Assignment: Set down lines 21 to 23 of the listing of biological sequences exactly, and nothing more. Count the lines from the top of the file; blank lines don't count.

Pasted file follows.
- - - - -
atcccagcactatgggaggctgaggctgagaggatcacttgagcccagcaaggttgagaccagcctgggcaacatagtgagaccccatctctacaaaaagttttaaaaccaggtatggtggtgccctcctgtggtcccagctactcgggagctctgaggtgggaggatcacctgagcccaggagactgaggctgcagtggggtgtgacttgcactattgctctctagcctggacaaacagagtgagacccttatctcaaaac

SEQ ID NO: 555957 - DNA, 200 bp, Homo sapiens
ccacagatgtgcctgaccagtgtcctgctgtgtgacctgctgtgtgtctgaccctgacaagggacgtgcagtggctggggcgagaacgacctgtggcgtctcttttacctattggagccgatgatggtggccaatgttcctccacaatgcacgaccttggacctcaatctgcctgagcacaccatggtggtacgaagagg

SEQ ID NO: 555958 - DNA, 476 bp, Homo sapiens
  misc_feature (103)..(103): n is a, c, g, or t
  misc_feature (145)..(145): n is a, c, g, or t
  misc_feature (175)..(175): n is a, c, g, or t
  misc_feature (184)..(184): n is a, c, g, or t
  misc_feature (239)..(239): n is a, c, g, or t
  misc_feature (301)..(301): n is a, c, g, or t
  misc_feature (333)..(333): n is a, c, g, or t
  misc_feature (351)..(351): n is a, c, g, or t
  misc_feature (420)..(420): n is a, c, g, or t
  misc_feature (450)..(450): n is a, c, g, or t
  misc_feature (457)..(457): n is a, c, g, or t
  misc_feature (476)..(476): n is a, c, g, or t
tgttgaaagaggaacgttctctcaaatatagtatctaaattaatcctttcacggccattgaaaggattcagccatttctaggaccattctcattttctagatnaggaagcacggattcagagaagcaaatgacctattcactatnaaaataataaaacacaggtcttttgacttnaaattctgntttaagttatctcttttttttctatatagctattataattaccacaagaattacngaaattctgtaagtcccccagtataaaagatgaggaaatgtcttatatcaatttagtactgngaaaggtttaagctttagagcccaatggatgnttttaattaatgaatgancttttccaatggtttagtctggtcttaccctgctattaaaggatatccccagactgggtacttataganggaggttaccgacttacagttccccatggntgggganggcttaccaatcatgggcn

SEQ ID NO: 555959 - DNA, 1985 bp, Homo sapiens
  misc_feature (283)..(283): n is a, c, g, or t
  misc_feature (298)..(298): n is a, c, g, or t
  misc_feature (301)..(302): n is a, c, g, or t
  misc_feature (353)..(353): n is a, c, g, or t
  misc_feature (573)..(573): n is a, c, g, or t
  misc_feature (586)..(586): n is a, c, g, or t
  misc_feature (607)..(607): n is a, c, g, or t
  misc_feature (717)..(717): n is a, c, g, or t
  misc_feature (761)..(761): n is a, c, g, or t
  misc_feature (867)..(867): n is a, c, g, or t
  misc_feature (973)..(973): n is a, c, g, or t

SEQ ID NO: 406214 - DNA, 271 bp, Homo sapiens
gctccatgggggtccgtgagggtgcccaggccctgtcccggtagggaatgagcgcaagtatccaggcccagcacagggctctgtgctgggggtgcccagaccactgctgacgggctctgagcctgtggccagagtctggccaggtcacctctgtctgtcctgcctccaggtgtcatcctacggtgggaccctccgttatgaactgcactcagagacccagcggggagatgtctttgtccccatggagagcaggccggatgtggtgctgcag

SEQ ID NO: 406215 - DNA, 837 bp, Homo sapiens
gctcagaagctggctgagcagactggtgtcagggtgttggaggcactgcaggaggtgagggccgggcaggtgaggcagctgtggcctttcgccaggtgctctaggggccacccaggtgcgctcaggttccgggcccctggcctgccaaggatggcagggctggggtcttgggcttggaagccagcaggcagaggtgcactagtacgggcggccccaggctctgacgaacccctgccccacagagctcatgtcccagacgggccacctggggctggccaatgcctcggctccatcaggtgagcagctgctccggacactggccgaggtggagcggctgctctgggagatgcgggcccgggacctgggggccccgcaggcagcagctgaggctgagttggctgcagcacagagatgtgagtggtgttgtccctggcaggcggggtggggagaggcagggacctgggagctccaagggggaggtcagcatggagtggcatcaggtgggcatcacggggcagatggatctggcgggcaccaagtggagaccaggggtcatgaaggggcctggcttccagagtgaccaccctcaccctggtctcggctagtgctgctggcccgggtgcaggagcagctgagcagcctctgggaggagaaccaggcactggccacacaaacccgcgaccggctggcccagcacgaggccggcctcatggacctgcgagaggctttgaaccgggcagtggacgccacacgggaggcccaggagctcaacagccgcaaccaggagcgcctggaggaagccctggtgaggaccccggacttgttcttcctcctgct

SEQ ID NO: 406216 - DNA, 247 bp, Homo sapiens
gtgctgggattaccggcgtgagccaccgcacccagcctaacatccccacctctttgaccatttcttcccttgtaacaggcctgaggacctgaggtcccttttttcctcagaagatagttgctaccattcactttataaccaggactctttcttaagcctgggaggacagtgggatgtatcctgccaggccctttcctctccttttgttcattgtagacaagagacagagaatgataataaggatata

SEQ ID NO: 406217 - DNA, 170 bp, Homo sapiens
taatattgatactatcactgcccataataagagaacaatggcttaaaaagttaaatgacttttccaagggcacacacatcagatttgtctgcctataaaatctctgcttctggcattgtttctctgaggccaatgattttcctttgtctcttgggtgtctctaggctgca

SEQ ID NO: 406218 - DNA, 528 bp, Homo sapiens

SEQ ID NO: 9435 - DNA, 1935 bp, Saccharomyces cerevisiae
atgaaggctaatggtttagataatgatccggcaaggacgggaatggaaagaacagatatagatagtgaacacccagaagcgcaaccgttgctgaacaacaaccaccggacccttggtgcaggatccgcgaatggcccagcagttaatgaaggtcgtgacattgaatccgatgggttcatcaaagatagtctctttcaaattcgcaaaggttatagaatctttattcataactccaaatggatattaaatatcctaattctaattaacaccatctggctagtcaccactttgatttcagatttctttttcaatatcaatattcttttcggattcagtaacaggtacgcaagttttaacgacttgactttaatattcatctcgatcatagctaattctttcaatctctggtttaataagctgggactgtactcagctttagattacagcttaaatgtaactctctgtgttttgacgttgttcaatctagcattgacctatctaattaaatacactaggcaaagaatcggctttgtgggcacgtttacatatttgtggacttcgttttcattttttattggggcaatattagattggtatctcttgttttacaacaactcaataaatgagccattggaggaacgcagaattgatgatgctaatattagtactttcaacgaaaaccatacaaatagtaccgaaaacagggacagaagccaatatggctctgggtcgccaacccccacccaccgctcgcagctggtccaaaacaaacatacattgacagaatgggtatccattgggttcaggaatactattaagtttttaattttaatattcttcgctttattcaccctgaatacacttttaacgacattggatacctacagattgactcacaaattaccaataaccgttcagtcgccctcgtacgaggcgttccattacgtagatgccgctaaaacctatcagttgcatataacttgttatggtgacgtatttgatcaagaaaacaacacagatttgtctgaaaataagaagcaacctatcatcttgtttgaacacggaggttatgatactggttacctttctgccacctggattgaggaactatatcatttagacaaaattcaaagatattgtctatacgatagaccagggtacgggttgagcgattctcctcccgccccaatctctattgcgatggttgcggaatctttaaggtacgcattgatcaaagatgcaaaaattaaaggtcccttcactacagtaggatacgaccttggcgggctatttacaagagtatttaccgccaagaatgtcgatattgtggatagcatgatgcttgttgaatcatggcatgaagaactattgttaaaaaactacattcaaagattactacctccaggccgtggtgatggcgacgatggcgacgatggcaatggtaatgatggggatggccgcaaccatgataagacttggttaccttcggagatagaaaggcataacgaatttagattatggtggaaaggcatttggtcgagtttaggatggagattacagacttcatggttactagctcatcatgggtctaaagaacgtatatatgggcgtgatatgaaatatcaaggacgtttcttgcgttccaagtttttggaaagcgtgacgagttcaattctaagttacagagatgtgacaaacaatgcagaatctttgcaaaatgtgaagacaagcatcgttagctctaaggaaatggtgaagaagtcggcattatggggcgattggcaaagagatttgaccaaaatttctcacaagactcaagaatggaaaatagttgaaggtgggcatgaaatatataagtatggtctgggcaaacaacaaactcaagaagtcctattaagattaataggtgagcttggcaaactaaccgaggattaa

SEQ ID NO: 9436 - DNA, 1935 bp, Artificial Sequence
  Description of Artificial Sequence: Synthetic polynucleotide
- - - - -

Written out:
  misc_feature (301)..(302): n is a, c, g, or t
  misc_feature (353)..(353): n is a, c, g, or t
  misc_feature (573)..(573): n is a, c, g, or t